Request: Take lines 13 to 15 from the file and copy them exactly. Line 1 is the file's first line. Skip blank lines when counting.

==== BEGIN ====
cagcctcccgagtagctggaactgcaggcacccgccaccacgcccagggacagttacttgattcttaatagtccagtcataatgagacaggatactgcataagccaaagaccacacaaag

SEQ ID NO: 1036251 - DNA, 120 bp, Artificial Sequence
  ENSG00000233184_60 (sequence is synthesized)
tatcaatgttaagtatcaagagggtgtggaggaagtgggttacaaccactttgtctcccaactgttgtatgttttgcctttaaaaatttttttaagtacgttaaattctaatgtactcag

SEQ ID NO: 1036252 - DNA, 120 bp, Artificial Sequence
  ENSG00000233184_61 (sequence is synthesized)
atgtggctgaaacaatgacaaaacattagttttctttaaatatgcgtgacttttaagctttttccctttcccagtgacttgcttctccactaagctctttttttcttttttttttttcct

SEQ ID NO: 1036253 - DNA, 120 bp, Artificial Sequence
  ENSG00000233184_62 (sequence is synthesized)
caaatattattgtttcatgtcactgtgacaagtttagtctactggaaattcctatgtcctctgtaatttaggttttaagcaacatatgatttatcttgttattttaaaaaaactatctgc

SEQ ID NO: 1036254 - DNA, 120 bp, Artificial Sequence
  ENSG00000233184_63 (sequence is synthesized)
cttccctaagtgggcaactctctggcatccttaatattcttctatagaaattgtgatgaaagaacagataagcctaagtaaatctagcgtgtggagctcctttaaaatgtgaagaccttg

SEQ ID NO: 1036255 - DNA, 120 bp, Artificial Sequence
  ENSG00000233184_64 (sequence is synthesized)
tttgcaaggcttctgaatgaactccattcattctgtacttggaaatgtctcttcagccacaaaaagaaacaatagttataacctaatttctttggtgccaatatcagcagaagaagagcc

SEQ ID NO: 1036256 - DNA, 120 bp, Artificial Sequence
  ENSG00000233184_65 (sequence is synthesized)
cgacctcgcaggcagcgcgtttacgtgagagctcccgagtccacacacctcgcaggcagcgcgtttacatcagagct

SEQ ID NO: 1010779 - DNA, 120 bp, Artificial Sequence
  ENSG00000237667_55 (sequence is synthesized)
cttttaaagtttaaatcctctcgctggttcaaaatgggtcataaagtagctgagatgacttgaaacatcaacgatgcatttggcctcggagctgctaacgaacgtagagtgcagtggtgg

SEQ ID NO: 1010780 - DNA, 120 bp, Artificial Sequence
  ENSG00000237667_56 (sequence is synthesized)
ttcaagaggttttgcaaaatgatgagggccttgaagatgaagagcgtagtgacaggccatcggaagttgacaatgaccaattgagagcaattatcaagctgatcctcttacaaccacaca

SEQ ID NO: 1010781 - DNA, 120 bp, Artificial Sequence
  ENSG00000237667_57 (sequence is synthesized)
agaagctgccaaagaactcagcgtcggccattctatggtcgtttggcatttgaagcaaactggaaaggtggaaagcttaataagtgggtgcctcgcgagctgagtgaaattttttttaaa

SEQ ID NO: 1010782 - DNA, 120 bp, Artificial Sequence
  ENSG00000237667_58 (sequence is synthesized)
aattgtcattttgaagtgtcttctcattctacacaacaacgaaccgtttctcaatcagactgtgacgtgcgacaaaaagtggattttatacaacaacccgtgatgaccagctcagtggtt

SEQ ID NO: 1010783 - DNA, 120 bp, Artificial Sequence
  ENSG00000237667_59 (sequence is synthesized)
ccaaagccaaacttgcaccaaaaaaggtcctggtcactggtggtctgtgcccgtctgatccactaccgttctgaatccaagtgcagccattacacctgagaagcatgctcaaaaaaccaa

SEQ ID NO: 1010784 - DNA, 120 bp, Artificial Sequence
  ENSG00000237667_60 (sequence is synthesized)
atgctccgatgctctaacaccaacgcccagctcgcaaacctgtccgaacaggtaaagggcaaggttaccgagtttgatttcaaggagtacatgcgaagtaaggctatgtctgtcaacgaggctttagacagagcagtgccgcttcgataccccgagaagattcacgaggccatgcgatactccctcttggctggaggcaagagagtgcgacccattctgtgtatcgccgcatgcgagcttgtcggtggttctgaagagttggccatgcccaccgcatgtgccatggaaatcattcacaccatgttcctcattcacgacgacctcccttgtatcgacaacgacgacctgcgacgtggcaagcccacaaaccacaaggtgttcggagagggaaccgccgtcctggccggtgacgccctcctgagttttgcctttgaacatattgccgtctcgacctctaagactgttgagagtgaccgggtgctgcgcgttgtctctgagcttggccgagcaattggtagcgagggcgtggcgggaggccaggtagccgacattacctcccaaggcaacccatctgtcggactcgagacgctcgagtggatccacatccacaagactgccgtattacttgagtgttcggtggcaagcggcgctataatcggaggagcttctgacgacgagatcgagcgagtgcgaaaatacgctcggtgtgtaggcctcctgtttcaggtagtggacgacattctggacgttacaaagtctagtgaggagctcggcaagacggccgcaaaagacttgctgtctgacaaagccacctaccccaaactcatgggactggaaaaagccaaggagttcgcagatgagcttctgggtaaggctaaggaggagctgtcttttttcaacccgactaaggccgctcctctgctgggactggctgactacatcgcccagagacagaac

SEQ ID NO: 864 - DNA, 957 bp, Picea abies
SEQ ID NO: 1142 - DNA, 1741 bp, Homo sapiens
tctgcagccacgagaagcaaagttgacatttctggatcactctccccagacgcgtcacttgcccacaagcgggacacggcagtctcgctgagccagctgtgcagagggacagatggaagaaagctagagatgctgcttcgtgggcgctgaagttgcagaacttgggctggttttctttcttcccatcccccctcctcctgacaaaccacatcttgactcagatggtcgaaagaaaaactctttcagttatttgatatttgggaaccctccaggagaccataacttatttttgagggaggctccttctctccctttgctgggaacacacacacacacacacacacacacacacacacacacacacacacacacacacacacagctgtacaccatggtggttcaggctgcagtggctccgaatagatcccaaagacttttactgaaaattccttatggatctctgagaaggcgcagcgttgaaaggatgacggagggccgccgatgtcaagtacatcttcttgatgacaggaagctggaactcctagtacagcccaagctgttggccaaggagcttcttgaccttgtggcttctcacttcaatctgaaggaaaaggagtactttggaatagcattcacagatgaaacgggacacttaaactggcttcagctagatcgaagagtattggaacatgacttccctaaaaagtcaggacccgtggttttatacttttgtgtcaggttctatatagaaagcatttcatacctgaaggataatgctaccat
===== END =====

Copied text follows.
cttccctaagtgggcaactctctggcatccttaatattcttctatagaaattgtgatgaaagaacagataagcctaagtaaatctagcgtgtggagctcctttaaaatgtgaagaccttg

SEQ ID NO: 1036255 - DNA, 120 bp, Artificial Sequence
  ENSG00000233184_64 (sequence is synthesized)